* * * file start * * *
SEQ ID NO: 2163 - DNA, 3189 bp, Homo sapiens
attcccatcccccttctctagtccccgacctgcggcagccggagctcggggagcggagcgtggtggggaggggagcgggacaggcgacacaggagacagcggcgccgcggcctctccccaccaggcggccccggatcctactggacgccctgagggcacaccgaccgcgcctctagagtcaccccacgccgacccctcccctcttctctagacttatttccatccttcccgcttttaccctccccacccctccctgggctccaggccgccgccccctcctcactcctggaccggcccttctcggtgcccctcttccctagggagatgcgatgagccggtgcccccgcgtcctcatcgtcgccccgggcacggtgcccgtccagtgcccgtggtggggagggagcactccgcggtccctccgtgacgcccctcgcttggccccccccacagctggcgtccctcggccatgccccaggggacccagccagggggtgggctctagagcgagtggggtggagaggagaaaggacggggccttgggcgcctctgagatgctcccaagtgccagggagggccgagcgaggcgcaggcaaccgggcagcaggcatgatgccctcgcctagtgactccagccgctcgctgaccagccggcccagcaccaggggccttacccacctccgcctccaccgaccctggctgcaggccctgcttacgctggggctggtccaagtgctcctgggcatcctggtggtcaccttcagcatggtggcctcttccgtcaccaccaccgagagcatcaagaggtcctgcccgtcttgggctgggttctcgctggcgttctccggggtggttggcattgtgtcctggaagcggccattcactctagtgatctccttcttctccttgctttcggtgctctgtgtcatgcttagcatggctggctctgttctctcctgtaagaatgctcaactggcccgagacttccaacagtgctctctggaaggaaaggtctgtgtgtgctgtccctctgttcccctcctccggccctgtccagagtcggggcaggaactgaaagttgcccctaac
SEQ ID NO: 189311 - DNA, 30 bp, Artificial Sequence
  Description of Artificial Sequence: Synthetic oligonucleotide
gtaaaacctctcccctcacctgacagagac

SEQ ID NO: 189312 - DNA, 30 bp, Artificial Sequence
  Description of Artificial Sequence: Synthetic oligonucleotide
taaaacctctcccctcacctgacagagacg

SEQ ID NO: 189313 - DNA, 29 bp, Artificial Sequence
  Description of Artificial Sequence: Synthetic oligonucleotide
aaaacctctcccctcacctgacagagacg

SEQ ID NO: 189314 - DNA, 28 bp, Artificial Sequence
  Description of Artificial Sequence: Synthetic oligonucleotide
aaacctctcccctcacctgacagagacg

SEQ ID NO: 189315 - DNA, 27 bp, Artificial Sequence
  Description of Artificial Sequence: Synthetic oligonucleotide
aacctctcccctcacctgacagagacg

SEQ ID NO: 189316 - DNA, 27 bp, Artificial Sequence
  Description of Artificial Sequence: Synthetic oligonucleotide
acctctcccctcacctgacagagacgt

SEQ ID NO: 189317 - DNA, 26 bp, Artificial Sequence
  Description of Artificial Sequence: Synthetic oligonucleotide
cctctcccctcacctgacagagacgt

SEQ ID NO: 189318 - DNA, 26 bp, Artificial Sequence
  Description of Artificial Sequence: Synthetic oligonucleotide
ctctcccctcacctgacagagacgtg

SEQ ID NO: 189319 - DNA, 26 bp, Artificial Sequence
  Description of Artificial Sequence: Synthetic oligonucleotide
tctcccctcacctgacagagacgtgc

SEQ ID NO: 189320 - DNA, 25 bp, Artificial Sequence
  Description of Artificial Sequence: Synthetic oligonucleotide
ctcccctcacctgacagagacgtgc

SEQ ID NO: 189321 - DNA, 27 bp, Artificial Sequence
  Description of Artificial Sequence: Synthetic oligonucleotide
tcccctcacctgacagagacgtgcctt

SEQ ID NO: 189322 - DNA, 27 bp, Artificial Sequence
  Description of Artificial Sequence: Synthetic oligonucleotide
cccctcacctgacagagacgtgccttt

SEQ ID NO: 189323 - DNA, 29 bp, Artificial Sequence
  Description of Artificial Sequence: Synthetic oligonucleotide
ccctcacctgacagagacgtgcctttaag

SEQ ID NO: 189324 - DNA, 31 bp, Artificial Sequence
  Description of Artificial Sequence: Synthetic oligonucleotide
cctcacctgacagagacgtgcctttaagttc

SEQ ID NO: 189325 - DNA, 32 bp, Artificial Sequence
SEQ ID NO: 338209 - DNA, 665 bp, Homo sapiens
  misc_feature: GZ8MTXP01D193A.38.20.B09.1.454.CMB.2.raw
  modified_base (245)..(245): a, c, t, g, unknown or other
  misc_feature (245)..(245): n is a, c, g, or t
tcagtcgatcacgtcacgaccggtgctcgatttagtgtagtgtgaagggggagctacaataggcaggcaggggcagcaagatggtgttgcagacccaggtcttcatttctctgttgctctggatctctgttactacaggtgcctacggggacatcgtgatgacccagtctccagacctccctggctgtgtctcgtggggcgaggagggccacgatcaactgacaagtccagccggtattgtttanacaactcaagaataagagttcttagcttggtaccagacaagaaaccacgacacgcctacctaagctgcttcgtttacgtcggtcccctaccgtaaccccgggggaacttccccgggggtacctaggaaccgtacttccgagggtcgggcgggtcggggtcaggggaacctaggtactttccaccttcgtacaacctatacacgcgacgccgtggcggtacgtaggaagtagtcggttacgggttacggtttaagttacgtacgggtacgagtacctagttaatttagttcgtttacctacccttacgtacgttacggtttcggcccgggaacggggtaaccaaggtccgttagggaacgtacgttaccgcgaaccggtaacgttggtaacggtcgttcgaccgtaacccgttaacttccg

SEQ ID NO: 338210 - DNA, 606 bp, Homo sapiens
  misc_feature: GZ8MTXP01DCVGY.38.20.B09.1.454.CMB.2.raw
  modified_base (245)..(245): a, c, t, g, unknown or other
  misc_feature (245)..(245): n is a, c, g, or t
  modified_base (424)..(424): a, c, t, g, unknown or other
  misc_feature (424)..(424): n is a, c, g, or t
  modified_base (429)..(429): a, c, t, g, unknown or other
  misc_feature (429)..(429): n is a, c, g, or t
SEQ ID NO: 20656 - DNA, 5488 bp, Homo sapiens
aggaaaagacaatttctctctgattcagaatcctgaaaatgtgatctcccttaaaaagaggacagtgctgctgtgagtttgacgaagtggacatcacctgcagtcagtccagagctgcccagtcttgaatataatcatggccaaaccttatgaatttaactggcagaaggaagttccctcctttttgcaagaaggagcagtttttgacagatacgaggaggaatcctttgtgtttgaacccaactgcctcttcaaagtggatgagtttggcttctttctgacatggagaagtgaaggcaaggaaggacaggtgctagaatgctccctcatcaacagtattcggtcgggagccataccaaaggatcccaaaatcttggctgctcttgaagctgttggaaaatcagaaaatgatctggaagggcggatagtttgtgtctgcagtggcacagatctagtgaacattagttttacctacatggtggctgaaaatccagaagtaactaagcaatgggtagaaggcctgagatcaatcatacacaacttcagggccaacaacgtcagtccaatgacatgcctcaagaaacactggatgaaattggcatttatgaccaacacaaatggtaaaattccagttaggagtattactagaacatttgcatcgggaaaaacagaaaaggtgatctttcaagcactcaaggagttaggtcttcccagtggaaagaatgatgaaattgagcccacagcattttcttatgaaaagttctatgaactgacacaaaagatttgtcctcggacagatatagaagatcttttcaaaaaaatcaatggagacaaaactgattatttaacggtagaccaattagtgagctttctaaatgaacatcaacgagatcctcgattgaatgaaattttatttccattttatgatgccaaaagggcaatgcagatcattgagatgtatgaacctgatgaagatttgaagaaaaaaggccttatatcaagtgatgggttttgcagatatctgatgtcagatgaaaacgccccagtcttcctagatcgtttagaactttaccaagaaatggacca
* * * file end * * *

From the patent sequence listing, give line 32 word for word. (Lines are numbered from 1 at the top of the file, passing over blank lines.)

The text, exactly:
ctcccctcacctgacagagacgtgc